What is a man’s true wealth if it isn’t measured by the good that he does? Heading five governments and presiding over the physical and economic reconstruction of a war-torn Lebanon did not prevent Hariri from overseeing an even greater endeavor, at least in the eyes of thousands who benefited from his patronage. “The Hariri Foundation loan facilitation program allowed more than 32,000 students to study in the best universities in Lebanon and abroad. Perhaps in every Lebanese family there is one individual who has been taught at Hariri’s expense,” said Fatima Rashidi, head of pedagogy and teaching at the Hariri Foundation. The program has raised more than 4000 engineers and 1500 doctors, people who would otherwise have likely remained without a proper education. In 1979 it was called ‘The Islamic Institute for Culture and Higher Education’ and run by Hariri’s sister, current Member of Parliament Bahiya Hariri, but the Hariri Foundation has carried its present name since 1984 when it moved to its central offices in Beirut. At its peak loan-granting activity, the foundation opened offices indifferent parts of the country to facilitate the transactions.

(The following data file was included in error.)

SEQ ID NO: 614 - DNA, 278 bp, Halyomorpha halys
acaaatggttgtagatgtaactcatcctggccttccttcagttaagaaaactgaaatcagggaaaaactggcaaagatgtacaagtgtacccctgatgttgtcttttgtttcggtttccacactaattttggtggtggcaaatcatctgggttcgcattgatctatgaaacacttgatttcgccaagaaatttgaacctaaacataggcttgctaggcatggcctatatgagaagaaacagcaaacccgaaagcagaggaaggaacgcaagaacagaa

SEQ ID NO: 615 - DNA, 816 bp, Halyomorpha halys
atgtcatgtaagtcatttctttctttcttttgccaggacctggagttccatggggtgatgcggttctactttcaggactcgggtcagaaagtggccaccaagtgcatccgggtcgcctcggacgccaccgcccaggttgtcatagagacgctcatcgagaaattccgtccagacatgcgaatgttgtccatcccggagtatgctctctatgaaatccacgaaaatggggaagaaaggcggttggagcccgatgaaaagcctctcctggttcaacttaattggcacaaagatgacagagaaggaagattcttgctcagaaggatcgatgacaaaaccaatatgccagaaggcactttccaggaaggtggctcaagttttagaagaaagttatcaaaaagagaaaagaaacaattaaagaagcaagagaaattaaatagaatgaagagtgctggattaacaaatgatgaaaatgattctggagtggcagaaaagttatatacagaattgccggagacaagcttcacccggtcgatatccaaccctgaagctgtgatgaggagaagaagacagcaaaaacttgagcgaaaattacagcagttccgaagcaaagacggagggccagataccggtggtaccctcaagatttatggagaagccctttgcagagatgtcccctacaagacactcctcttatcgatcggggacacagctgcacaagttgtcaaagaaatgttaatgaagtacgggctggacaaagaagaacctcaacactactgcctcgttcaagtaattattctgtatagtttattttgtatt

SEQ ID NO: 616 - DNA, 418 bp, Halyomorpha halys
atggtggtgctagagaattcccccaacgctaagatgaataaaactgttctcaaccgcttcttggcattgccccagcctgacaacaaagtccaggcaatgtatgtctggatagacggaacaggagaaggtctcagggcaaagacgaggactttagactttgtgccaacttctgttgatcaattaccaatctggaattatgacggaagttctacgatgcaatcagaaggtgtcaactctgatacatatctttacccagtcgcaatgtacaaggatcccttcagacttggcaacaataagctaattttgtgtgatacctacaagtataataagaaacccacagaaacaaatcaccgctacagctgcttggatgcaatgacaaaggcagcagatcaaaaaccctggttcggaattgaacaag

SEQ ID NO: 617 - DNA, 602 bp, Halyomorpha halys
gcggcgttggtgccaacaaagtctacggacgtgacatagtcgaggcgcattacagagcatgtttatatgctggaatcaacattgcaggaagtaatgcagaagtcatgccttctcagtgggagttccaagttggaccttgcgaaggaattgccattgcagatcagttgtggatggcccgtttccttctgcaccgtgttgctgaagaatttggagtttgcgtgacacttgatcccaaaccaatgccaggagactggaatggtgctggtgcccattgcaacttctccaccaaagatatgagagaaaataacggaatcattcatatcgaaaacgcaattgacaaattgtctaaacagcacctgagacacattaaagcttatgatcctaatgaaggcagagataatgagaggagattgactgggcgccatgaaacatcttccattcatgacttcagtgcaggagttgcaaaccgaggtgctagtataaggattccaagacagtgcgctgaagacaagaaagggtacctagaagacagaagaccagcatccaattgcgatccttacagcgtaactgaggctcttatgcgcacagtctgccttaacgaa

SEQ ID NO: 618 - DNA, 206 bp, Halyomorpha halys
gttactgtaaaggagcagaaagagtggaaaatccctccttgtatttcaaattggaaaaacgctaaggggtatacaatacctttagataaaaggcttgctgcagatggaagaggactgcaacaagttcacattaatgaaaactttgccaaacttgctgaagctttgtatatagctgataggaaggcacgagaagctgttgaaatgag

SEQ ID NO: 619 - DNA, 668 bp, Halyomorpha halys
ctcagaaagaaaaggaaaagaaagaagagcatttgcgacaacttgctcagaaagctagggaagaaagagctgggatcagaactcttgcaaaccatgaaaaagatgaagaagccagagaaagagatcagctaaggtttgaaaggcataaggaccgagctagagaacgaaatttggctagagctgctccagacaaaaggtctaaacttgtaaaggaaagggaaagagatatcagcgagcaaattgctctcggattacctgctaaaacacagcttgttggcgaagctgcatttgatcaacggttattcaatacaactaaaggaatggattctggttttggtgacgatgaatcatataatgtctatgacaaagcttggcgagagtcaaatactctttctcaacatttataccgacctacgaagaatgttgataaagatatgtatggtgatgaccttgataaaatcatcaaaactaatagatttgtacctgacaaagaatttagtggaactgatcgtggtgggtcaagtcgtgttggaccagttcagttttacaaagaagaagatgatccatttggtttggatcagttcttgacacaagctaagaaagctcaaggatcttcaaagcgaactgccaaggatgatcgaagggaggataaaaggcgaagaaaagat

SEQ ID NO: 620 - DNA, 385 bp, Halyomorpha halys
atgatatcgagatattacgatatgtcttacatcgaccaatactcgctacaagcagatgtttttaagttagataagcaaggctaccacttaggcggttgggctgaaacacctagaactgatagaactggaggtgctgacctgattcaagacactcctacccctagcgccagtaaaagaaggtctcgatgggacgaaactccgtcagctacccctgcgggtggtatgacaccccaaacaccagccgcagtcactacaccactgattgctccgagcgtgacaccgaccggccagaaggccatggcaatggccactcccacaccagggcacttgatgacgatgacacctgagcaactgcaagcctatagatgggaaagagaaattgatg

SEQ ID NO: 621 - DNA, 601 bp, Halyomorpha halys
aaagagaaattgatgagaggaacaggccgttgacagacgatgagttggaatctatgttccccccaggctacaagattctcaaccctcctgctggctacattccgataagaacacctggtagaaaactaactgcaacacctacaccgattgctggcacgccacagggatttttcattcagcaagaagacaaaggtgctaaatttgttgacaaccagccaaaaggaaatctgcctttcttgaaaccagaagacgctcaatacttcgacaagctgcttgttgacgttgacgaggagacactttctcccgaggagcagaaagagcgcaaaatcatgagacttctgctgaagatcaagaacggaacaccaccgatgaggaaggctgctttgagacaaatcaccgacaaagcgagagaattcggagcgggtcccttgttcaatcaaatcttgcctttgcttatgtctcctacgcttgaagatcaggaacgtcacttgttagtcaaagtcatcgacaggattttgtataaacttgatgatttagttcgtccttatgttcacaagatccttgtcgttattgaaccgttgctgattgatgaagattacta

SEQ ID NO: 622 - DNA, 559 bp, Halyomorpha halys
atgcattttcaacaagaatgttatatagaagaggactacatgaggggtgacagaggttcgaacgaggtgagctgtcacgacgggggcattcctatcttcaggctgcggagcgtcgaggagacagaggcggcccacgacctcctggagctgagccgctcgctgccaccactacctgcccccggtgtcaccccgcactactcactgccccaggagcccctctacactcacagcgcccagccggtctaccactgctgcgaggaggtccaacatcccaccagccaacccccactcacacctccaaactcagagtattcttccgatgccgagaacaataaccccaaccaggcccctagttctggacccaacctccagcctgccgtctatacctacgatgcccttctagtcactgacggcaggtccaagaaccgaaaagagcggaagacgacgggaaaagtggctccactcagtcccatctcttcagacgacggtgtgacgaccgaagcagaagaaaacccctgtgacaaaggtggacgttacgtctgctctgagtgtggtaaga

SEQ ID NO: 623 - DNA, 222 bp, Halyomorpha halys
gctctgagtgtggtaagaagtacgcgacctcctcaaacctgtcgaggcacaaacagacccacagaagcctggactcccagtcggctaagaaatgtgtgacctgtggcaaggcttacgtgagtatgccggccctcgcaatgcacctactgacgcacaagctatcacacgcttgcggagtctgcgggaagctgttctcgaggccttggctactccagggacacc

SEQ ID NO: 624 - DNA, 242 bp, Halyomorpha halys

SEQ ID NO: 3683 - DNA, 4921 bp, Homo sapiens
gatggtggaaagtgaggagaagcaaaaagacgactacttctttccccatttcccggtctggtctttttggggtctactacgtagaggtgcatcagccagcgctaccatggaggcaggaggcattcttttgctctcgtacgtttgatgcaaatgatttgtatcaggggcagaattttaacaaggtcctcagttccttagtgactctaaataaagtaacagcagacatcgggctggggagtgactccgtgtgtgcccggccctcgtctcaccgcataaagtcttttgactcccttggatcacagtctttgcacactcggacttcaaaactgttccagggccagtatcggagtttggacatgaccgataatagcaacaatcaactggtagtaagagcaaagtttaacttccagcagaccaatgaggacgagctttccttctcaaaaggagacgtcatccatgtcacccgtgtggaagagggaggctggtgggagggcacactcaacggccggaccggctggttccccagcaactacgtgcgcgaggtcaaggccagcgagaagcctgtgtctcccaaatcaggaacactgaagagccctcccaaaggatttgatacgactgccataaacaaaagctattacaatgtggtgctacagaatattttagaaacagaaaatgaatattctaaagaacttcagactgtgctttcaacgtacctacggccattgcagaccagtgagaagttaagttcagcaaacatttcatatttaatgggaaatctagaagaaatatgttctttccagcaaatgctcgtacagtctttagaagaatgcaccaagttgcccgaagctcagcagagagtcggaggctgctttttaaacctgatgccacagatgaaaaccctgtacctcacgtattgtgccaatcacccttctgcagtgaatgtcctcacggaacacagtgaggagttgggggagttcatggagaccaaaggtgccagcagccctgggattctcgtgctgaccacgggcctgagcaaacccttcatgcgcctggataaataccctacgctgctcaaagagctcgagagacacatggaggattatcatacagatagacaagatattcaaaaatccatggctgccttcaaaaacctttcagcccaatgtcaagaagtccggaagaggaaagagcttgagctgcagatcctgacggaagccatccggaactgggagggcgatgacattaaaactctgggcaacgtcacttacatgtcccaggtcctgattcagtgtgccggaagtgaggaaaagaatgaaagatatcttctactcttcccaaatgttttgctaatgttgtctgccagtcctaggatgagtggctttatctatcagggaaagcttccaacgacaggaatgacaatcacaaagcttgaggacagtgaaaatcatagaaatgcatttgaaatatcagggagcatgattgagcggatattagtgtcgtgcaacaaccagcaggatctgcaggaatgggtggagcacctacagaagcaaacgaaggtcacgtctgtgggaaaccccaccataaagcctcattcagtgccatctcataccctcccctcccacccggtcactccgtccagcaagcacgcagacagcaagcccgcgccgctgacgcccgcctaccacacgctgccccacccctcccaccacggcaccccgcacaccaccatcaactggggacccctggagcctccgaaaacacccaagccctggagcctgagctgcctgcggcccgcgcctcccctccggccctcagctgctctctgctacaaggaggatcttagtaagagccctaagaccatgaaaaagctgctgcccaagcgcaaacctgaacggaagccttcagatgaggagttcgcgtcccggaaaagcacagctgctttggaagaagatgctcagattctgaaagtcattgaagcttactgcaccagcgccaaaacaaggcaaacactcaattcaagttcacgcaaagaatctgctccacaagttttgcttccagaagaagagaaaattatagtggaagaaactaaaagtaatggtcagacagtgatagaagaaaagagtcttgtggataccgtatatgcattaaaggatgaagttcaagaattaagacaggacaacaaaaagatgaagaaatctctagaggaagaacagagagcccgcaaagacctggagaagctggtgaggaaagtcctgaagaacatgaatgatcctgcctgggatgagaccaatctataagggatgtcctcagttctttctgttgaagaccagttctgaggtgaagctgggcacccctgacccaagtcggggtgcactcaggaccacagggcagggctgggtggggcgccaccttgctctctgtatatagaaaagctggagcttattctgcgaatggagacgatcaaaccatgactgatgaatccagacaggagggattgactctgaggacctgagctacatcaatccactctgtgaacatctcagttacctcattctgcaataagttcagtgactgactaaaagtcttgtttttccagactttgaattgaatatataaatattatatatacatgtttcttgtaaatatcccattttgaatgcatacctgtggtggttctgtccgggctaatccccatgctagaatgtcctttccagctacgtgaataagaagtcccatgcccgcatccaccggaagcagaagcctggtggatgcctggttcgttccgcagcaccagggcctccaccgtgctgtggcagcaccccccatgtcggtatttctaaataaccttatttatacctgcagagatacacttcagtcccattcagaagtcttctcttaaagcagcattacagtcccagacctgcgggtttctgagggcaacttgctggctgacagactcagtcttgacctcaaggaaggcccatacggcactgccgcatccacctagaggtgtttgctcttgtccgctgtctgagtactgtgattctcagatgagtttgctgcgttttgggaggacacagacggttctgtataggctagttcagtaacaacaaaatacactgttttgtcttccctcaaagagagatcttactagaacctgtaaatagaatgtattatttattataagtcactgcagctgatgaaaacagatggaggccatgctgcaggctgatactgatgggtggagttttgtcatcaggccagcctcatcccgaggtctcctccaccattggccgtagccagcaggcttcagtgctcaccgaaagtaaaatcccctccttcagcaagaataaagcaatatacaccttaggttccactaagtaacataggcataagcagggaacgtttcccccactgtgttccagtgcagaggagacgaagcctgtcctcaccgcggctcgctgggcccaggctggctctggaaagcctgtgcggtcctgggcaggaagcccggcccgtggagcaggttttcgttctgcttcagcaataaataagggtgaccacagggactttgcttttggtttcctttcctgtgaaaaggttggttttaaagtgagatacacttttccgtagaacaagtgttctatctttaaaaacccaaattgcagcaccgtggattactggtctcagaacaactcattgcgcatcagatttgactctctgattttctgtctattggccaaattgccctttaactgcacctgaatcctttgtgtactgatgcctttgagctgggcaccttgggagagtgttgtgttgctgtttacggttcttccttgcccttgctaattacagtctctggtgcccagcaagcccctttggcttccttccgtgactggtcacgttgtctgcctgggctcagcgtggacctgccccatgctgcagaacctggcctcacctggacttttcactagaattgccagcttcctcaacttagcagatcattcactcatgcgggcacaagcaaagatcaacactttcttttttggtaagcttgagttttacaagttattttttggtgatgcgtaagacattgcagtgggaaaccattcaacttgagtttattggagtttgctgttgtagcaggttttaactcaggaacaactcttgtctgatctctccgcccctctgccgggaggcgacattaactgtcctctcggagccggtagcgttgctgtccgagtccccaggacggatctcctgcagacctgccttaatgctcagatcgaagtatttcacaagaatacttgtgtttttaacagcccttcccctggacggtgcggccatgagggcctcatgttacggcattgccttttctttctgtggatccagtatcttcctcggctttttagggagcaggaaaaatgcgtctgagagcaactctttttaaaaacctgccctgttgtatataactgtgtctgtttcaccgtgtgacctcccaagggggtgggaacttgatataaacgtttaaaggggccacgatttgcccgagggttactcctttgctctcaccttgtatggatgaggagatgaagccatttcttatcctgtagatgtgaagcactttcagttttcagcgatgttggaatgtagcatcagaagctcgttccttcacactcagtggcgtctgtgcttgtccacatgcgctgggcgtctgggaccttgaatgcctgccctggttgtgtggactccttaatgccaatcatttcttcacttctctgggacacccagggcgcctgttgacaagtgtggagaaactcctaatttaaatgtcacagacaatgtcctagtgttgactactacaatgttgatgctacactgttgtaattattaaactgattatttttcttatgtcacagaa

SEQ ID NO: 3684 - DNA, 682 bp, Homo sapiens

Zaatari who had a long history with UNESCO joined the foundation in February 1986. The foundation had a large number of students and it needed organization, so Zaatari, an educator and administrator, had to institute new laws, rules and regulations. “Our acceptance criterion for the students was based on their school performance and we gave those who needed help in the French or English language a preparatory year before going to college,” Zaatari said. Students secured loans that covered all or most of their tuition fees, housing accommodation, transportation, meals and books. When the situation in Lebanon stabilized in1992 and the economy improved, the foundation slowed down its sponsorship programs until it stopped it completely in 1995. “The fact that we had a functioning Lebanese University helped us make that decision but we kept supporting those who were studying abroad through our offices in Washington, Paris and London which we still maintain to keep in close contact with our student protégés who had joined around a hundred universities in Western Europe, North Africa, Canada and the US,” Zaatari said. Rashidi added another factor: “The Foundation tried to bring back some of the students that studied abroad and some did, but because of the socio-economic situation in Lebanon, many stayed abroad. This is partly why the program stopped,” Rashidi said. It is believed that a large number (if any) of the beneficiaries did not pay back their loans to the foundation and neither did the foundation make a concerted effort to recoup its investment. Although it abandoned its national program, the foundation still sponsors a select few high achievers from its school network to study abroad.